Bryan is correct, especially in his comment in the case of 0% true/prior prevalence
40/1000 = 4% positive. 1-2/40 = 2.5-5%.
But even in such a conditioned test scenario, in which the 2nd test is only applied to the positive-reporting sample of the first test, a decent test (e.g. 90% sensitivity, 95% specificity) will actually converge pretty quickly (i.e. "disagree with itself" a lot less).
E.g. if the true prevalence is 1% (instead of 0%) instead of t2:t1 positive reports ratio of 1:20 (i.e. 5%), you'll actually get (in the 1% prevalence case) just a 1:5 (t2:t1) ratio (more precisely 18.85%). Also this t2:t1 positive report ratio further drops to just 1:3 (29.18%) on just 2% true prevalence.
Here's a table of such calculations below, in which I assume the same test is repeated (as not to complicate this example with two sets of sensitivity/specificity.)
Furthermore, for a highly specific test, i.e. 99% (instead of 95%) specificity, the convergence is even faster, e.g. for just 1% true prevalence, the t2:t1 positive report ratio is now almost 1:2 (43.86%; up from 18.85% when the specificity was just 95%).
Ironically however, if the true prevalence is 0%, a more specific test (99% vs 95% specificity) will "disagree with itself" on a retest even more, i.e. 1:100 vs 1:20 concurrence.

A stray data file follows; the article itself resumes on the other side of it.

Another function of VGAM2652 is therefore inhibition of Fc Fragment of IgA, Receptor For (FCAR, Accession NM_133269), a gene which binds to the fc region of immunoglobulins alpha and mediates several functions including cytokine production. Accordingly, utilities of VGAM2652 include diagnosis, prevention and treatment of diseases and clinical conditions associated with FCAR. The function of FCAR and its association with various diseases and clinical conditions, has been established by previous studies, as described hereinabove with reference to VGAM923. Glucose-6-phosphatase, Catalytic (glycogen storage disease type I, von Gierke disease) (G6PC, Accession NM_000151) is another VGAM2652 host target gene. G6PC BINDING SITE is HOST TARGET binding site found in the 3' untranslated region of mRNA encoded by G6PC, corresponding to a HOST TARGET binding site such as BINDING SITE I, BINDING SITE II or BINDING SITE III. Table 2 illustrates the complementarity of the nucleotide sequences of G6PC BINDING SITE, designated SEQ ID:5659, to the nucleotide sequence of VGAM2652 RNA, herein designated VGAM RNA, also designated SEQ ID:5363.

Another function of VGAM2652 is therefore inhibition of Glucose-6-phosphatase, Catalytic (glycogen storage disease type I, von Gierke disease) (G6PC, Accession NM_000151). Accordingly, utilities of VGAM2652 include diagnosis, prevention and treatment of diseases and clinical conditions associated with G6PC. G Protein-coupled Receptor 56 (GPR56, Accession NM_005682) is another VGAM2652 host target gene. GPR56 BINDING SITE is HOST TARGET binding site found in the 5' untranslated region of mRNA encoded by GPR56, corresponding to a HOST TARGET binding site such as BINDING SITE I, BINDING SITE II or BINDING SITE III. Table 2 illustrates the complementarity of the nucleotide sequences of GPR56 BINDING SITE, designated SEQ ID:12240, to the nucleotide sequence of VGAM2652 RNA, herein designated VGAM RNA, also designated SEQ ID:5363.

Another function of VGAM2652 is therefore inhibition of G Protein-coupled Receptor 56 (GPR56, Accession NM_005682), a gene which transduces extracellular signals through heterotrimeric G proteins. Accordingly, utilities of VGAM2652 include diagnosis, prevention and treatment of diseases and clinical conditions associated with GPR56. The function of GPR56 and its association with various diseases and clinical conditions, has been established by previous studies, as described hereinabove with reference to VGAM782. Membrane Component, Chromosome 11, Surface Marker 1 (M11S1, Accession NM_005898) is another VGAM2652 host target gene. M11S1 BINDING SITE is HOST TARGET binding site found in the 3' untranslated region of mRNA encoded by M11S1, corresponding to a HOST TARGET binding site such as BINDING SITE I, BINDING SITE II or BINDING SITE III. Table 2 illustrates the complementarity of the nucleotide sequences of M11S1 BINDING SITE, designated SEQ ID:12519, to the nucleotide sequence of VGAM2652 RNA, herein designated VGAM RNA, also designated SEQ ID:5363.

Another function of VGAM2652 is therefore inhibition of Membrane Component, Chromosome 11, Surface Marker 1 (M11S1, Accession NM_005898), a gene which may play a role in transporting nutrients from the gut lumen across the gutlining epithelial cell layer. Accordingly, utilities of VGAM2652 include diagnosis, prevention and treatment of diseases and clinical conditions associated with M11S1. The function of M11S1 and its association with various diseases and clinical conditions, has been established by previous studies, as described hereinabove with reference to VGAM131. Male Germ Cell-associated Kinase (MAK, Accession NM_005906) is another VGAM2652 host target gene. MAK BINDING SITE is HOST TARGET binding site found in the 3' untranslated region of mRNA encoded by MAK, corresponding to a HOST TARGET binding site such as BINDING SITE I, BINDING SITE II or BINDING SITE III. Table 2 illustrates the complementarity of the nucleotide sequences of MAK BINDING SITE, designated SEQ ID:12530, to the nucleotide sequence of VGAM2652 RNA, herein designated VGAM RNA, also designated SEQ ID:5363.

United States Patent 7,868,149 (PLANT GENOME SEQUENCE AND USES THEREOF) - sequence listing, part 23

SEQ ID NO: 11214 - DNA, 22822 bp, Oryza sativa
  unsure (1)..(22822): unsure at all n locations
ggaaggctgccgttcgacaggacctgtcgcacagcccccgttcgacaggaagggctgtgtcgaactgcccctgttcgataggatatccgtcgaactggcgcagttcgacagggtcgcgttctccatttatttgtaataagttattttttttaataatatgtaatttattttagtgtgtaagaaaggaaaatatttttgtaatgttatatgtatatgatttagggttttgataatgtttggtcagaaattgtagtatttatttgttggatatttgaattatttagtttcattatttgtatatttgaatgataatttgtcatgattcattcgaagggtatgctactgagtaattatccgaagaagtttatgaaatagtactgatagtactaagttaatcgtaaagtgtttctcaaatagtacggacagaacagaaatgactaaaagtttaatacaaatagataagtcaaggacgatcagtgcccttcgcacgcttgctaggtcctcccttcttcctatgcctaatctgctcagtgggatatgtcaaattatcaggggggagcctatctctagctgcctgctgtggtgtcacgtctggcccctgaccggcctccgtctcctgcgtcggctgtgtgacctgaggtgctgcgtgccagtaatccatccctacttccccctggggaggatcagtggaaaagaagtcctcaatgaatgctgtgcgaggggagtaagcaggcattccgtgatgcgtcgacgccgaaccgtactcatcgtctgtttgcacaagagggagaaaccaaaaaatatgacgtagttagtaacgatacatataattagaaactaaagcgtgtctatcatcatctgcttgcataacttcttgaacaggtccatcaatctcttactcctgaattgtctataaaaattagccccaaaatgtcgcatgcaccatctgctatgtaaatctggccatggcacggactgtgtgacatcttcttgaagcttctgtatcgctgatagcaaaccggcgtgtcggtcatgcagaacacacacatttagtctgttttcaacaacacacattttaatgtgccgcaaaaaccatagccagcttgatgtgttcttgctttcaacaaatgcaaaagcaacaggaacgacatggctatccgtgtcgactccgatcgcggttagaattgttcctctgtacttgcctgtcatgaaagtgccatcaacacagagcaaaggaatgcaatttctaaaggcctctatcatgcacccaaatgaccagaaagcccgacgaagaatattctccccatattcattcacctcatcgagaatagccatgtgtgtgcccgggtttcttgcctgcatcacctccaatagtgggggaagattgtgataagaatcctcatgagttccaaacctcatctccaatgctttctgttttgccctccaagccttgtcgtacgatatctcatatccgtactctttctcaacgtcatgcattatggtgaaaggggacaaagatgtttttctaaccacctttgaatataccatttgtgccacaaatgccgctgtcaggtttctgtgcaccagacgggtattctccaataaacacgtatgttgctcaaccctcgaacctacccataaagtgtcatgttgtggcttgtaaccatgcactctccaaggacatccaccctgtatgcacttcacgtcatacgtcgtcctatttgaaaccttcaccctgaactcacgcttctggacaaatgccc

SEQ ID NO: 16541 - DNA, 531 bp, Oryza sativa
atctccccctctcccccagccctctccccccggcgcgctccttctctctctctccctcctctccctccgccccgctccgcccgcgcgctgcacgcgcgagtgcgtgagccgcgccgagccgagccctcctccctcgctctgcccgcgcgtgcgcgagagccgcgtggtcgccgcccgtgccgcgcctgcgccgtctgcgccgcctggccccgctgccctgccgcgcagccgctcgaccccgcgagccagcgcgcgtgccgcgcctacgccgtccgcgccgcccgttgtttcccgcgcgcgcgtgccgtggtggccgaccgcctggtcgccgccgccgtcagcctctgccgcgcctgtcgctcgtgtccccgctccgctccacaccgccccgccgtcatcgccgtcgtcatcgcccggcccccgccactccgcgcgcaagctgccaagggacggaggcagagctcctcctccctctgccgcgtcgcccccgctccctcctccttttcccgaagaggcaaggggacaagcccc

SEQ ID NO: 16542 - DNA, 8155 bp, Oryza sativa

Considering the specificities and sensitivities of the tests known (which is alas a bit iffy in "real world" situations as opposed to lab settings) you can basically find out what the true prevalence is, e.g. assuming 60% sensitivity and 95% specificity for the antigen test and 95% sensitivity and 99% specificity for the (t2) PCR test, from a range of t2:t1 like you reported (2:20 to 1:40), you can get somewhere between 0.1% and 1% true prevalence in the starting population... which is still a fairly large range. (Of some note, this doesn't depend on the initial population size anymore, i.e. having two tests allows us to "factor out" that.)
In reality (even for lab-settings tests) you only have confidence intervals for the sensitivity and specificity as opposed to their true number, which makes the above exercise a bit more involved... and as Bryan's numerical example showed, 0% (true) prevalence could well be in the solution interval. The specificity of the 2nd test (PCR) is actually critical in this regard, if you relax it to 95% (from 99%), then 0% true prevalence becomes a (realistic) solution.